Climate plan has big stakes for Ohio


President Obama’s new climate action plan is the nearest thing we have to a national energy strategy. The proposal is particularly important to Ohio, which relies heavily on coal and natural gas for energy, but is paying increased attention to renewable sources.

The President’s plan makes greater use of natural gas thanks to the boom in hydraulic fracturing, or fracking. It makes life tougher for coal. And it ultimately depends on renewables such as wind, solar, and biomass power to deal with climate change.

The plan’s reliance on natural gas as a transition fuel is hard to argue against. But a transition to renewables anytime soon is more problematic.

Renewable energy sources, while promising, have miles to go before they can play a significant role in the nation’s energy mix. They are starting from very small bases and still require taxpayer subsidies.

Wind now provides about 2 percent of our energy needs, solar less than 1 percent. Biomass accounts for about 5 percent, almost all of which is ethanol from corn, a fuel plagued by high costs and the need for federal mandates to mix it with gasoline.

The role of natural gas as a transition fuel may be lengthy, probably playing out over many decades. Among its advantages, gas is currently as inexpensive as coal and far more affordable than renewables.

Thanks to fracking technology, America has quickly become the world’s leading producer of natural gas. Fracking meets at least a century of U.S. gas requirements.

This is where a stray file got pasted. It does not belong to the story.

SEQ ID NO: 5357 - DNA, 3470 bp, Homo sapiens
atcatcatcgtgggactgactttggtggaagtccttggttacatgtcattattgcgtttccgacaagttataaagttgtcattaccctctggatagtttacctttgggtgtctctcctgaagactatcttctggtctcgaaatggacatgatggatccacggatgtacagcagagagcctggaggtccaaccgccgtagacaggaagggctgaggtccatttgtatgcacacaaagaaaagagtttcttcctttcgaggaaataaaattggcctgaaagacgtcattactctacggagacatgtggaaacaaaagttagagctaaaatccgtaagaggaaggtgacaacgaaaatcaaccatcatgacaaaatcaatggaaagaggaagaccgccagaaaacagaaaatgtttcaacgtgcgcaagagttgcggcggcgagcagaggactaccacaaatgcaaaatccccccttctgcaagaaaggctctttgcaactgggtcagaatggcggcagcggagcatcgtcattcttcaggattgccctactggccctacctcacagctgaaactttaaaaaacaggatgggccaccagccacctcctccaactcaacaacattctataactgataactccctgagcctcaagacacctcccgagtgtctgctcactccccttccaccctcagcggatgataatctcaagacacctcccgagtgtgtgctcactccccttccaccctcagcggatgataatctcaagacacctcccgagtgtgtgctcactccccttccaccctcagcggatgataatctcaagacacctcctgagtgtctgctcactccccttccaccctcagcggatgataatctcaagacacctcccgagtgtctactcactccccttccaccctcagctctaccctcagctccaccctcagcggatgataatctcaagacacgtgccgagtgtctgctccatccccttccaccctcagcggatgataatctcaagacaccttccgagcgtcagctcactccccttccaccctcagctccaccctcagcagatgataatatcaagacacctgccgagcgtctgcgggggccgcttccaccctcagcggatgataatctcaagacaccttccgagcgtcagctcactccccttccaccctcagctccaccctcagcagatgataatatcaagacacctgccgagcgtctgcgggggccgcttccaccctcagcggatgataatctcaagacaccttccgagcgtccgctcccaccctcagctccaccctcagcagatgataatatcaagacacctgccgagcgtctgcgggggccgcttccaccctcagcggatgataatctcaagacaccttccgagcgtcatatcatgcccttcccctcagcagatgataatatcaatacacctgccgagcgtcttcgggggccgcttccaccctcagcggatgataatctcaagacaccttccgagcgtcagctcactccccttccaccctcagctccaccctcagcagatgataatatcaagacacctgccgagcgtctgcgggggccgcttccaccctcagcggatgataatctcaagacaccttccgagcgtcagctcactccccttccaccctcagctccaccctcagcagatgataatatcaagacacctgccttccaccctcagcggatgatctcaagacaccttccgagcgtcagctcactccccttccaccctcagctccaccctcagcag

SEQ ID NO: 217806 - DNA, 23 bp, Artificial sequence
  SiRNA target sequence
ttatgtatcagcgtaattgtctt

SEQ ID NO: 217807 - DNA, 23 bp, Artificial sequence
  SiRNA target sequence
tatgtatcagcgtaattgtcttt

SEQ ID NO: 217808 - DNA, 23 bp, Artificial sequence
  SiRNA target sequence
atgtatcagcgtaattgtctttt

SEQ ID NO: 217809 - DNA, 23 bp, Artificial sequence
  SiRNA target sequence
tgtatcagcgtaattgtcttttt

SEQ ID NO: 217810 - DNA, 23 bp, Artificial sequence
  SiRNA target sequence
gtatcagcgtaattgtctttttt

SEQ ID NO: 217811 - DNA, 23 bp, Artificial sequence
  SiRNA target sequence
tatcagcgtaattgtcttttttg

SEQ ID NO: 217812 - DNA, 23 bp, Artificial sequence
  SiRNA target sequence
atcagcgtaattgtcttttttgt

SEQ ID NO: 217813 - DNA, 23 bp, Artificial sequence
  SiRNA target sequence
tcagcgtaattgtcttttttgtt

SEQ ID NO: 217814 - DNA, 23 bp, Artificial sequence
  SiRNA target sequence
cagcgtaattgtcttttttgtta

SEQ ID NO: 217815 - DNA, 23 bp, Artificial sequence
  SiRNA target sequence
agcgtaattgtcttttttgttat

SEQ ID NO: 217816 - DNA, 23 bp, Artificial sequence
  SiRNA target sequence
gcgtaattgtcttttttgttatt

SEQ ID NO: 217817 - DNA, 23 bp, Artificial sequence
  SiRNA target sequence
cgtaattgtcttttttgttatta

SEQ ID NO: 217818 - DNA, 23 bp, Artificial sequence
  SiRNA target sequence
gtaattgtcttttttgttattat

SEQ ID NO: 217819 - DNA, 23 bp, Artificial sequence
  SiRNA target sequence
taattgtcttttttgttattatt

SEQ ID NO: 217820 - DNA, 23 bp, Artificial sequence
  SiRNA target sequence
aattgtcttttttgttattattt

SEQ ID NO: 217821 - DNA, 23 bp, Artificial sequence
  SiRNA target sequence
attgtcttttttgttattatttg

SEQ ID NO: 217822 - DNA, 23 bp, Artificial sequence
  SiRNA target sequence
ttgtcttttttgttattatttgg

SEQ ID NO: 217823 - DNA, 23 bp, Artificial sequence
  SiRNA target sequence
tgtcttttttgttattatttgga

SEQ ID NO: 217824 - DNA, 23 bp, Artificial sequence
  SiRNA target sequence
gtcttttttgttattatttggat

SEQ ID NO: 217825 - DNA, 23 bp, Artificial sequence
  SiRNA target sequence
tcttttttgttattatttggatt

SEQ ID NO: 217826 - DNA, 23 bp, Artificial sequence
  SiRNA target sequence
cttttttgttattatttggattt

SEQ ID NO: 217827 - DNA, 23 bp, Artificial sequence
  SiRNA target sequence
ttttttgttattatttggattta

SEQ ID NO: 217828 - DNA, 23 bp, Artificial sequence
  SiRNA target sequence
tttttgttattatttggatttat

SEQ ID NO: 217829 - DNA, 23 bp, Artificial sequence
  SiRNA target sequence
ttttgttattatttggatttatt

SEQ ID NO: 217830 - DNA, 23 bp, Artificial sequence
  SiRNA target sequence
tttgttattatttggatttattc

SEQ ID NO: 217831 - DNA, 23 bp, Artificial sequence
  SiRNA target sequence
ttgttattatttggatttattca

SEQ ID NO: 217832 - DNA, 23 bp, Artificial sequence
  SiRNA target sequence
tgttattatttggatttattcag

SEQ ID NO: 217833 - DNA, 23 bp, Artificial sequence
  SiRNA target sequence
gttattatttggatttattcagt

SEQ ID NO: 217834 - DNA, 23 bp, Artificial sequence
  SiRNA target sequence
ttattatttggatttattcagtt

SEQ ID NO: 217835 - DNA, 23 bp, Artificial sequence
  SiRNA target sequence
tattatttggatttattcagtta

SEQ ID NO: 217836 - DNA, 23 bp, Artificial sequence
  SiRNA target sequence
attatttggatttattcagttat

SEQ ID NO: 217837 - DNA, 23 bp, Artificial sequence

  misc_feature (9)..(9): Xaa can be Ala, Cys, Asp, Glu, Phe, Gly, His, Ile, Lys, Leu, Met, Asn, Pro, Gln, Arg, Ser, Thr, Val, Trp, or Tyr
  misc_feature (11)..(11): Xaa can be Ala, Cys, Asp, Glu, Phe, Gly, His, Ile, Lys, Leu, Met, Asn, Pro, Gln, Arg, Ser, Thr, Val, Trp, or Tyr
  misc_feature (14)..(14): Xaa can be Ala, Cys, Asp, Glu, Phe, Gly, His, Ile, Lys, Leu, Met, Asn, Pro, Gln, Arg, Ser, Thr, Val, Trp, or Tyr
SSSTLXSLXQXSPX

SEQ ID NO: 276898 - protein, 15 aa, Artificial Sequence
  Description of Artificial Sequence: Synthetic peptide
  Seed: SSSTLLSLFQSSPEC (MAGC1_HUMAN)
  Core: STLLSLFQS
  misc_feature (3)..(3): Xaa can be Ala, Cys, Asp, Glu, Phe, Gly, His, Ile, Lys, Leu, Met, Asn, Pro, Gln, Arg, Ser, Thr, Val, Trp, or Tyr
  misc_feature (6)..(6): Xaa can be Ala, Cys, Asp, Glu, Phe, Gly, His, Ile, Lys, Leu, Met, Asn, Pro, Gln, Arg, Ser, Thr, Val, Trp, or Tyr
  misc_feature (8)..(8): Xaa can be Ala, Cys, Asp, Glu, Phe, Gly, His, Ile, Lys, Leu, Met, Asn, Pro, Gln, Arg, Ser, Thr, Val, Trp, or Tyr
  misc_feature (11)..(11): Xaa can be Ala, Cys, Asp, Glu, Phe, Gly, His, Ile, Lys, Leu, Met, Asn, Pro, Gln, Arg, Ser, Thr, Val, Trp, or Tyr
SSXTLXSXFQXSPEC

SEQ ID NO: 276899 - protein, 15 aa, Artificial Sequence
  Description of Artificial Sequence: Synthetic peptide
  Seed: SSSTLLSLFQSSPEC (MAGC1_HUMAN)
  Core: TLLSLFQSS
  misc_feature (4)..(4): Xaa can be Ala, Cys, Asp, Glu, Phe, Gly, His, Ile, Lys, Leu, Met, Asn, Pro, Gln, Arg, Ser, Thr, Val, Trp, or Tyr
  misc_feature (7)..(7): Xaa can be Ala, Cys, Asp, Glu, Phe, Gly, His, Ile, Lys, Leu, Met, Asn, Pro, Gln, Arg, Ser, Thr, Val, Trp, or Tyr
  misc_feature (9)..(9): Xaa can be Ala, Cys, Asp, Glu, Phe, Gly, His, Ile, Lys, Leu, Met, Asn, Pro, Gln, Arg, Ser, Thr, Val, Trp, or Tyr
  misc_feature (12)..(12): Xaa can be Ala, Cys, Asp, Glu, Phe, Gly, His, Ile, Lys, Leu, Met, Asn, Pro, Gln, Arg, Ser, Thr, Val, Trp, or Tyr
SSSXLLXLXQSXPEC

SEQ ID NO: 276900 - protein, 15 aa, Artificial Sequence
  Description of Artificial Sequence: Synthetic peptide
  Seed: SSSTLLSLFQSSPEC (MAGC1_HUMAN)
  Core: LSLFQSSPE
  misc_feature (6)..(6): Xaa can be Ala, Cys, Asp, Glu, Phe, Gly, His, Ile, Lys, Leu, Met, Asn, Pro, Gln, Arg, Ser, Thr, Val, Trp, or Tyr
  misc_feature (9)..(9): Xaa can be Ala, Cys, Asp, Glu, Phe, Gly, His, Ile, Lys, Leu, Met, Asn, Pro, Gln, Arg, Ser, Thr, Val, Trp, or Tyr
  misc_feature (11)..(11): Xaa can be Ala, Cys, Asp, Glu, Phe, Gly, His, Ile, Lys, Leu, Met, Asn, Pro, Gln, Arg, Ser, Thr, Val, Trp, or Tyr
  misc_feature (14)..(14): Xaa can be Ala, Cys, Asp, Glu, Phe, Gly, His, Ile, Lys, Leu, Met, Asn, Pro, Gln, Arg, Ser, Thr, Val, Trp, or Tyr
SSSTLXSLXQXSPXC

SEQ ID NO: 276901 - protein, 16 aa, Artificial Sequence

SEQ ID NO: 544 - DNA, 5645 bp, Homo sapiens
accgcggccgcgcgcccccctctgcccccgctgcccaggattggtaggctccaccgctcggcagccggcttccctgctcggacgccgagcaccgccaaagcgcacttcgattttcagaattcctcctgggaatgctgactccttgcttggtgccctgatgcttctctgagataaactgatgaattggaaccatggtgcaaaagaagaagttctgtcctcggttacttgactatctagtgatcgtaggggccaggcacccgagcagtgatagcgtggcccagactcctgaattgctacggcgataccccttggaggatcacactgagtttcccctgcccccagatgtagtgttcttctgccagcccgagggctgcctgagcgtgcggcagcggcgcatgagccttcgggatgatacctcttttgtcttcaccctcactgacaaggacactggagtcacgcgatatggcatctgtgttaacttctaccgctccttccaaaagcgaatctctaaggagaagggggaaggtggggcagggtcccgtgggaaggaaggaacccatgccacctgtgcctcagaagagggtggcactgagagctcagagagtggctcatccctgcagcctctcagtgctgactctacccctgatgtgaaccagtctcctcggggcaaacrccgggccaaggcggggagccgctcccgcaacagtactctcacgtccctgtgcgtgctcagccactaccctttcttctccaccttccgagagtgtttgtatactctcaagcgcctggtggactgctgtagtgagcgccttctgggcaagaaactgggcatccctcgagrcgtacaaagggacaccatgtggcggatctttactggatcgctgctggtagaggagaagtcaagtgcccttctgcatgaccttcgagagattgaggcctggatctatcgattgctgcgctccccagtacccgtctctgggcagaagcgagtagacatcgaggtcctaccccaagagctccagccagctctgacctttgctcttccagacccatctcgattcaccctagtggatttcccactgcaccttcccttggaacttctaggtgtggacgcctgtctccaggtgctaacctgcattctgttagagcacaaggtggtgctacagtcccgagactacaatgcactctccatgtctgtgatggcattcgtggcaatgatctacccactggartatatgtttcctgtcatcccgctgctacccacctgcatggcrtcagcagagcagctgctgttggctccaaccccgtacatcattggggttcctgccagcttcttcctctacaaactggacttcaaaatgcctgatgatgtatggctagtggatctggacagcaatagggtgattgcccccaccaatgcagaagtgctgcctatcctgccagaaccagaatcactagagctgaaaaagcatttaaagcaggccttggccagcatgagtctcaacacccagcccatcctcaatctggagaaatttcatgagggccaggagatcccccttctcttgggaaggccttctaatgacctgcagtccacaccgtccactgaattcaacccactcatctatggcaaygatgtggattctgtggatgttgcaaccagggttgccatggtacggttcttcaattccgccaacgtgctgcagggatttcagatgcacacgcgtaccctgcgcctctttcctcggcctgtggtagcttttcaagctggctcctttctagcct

Gas is the cleanest and most flexible of hydrocarbons. It produces much less carbon and sulfur emissions than coal.

Because of its flexibility, gas is a major factor in power production, is our largest source of home and commercial heating, and is an important feedstock to produce petrochemicals. It can also back up renewables when the sun isn’t shining or the wind is not blowing.

The petrochemical issue is particularly important for Ohio. Much of the state’s fracking produces “wet gases,” which are in great demand as petrochemical feedstocks.

We have hundreds of years of coal, which has traditionally produced about half of the nation’s electricity. But coal has two big problems: its strong competition from inexpensive natural gas, and the government’s push for much stronger air quality regulations.

Coal will likely continue to lose some ground to natural gas, but it’s hardly facing an inevitable decline. Electricity generation from coal can be made more efficient and cleaner. And the government plans to invest heavily in advanced clean-coal technology.

U.S. coal exports to Europe and Asia are growing rapidly. In fact, coal is the world’s fastest growing energy source. The big policy question will be the timing and stringency of new U. S. air regulations. Ironically, the President’s plan would force greater exports of coal to areas with fewer environmental controls.

It makes sense to keep improving renewables, to maximize their role in our energy mix. Based on results to date, however, it does not appear that renewables are likely to replace oil and natural gas anytime soon. If we really want to count more on renewables, we should start removing taxpayer subsidies to see whether technical and economic improvements, not politics, can carry the day.

The most promising part of the President’s climate-change program is his support of fracking. Its reliance on subsidies to promote renewables is less helpful.

The Obama Administration should think long and hard about the effects of new air quality regulations on coal. Much of that work can be done for us, if the government allows enough time to replace older coal plants with more-advanced facilities.

J. Winston Porter is an energy and environmental consultant in Savannah, Ga., and a former assistant administrator of the U.S. Environmental Protection Agency.